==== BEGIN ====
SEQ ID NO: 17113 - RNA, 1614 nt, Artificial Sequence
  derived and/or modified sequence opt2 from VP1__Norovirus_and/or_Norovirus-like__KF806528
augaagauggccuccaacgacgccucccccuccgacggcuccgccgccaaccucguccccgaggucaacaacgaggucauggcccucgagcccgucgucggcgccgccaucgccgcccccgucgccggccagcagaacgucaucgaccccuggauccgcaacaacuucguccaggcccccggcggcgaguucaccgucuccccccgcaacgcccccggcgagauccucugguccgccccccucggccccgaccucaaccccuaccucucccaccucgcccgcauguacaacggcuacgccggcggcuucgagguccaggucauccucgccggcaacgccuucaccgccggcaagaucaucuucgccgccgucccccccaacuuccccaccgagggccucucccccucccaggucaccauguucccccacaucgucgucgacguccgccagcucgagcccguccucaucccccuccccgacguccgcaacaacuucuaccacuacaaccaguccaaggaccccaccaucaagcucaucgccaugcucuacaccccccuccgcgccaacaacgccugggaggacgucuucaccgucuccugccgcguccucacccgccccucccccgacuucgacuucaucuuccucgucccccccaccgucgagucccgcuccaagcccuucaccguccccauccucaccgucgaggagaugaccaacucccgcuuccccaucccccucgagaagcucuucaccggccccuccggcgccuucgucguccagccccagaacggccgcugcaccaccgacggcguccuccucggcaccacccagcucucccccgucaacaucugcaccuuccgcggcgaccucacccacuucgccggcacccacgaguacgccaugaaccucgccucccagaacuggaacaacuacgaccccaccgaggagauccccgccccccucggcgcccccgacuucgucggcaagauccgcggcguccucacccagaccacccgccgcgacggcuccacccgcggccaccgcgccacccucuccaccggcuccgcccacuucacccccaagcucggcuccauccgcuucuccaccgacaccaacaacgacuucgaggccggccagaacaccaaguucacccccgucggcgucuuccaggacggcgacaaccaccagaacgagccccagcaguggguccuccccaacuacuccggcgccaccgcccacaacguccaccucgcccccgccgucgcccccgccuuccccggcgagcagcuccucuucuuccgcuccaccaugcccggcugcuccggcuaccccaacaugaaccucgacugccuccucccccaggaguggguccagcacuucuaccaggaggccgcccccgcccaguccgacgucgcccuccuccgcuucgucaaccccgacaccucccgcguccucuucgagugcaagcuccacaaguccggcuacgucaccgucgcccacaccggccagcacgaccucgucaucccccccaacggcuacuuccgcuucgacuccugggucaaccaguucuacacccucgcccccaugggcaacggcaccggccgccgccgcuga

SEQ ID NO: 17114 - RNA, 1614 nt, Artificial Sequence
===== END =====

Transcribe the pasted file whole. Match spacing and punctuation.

SEQ ID NO: 17113 - RNA, 1614 nt, Artificial Sequence
  derived and/or modified sequence opt2 from VP1__Norovirus_and/or_Norovirus-like__KF806528
augaagauggccuccaacgacgccucccccuccgacggcuccgccgccaaccucguccccgaggucaacaacgaggucauggcccucgagcccgucgucggcgccgccaucgccgcccccgucgccggccagcagaacgucaucgaccccuggauccgcaacaacuucguccaggcccccggcggcgaguucaccgucuccccccgcaacgcccccggcgagauccucugguccgccccccucggccccgaccucaaccccuaccucucccaccucgcccgcauguacaacggcuacgccggcggcuucgagguccaggucauccucgccggcaacgccuucaccgccggcaagaucaucuucgccgccgucccccccaacuuccccaccgagggccucucccccucccaggucaccauguucccccacaucgucgucgacguccgccagcucgagcccguccucaucccccuccccgacguccgcaacaacuucuaccacuacaaccaguccaaggaccccaccaucaagcucaucgccaugcucuacaccccccuccgcgccaacaacgccugggaggacgucuucaccgucuccugccgcguccucacccgccccucccccgacuucgacuucaucuuccucgucccccccaccgucgagucccgcuccaagcccuucaccguccccauccucaccgucgaggagaugaccaacucccgcuuccccaucccccucgagaagcucuucaccggccccuccggcgccuucgucguccagccccagaacggccgcugcaccaccgacggcguccuccucggcaccacccagcucucccccgucaacaucugcaccuuccgcggcgaccucacccacuucgccggcacccacgaguacgccaugaaccucgccucccagaacuggaacaacuacgaccccaccgaggagauccccgccccccucggcgcccccgacuucgucggcaagauccgcggcguccucacccagaccacccgccgcgacggcuccacccgcggccaccgcgccacccucuccaccggcuccgcccacuucacccccaagcucggcuccauccgcuucuccaccgacaccaacaacgacuucgaggccggccagaacaccaaguucacccccgucggcgucuuccaggacggcgacaaccaccagaacgagccccagcaguggguccuccccaacuacuccggcgccaccgcccacaacguccaccucgcccccgccgucgcccccgccuuccccggcgagcagcuccucuucuuccgcuccaccaugcccggcugcuccggcuaccccaacaugaaccucgacugccuccucccccaggaguggguccagcacuucuaccaggaggccgcccccgcccaguccgacgucgcccuccuccgcuucgucaaccccgacaccucccgcguccucuucgagugcaagcuccacaaguccggcuacgucaccgucgcccacaccggccagcacgaccucgucaucccccccaacggcuacuuccgcuucgacuccugggucaaccaguucuacacccucgcccccaugggcaacggcaccggccgccgccgcuga

SEQ ID NO: 17114 - RNA, 1614 nt, Artificial Sequence